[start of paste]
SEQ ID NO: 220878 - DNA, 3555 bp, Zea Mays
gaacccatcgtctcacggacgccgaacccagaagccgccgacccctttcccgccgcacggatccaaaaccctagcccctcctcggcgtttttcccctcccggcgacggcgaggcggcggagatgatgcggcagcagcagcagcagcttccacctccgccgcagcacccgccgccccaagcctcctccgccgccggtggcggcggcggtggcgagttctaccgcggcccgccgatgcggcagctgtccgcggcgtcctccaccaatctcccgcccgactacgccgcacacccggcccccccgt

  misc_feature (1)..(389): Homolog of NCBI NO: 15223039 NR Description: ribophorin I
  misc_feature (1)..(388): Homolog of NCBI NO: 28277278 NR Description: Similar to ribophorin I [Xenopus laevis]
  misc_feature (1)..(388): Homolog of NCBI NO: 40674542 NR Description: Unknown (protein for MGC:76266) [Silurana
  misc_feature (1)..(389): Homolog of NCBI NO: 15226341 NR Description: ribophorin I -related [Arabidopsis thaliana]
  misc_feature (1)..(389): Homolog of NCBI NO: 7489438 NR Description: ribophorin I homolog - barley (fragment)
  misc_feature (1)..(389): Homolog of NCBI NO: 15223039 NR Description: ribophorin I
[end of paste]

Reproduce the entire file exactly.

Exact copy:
SEQ ID NO: 220878 - DNA, 3555 bp, Zea Mays
gaacccatcgtctcacggacgccgaacccagaagccgccgacccctttcccgccgcacggatccaaaaccctagcccctcctcggcgtttttcccctcccggcgacggcgaggcggcggagatgatgcggcagcagcagcagcagcttccacctccgccgcagcacccgccgccccaagcctcctccgccgccggtggcggcggcggtggcgagttctaccgcggcccgccgatgcggcagctgtccgcggcgtcctccaccaatctcccgcccgactacgccgcacacccggcccccccgt

  misc_feature (1)..(389): Homolog of NCBI NO: 15223039 NR Description: ribophorin I
  misc_feature (1)..(388): Homolog of NCBI NO: 28277278 NR Description: Similar to ribophorin I [Xenopus laevis]
  misc_feature (1)..(388): Homolog of NCBI NO: 40674542 NR Description: Unknown (protein for MGC:76266) [Silurana
  misc_feature (1)..(389): Homolog of NCBI NO: 15226341 NR Description: ribophorin I -related [Arabidopsis thaliana]
  misc_feature (1)..(389): Homolog of NCBI NO: 7489438 NR Description: ribophorin I homolog - barley (fragment)
  misc_feature (1)..(389): Homolog of NCBI NO: 15223039 NR Description: ribophorin I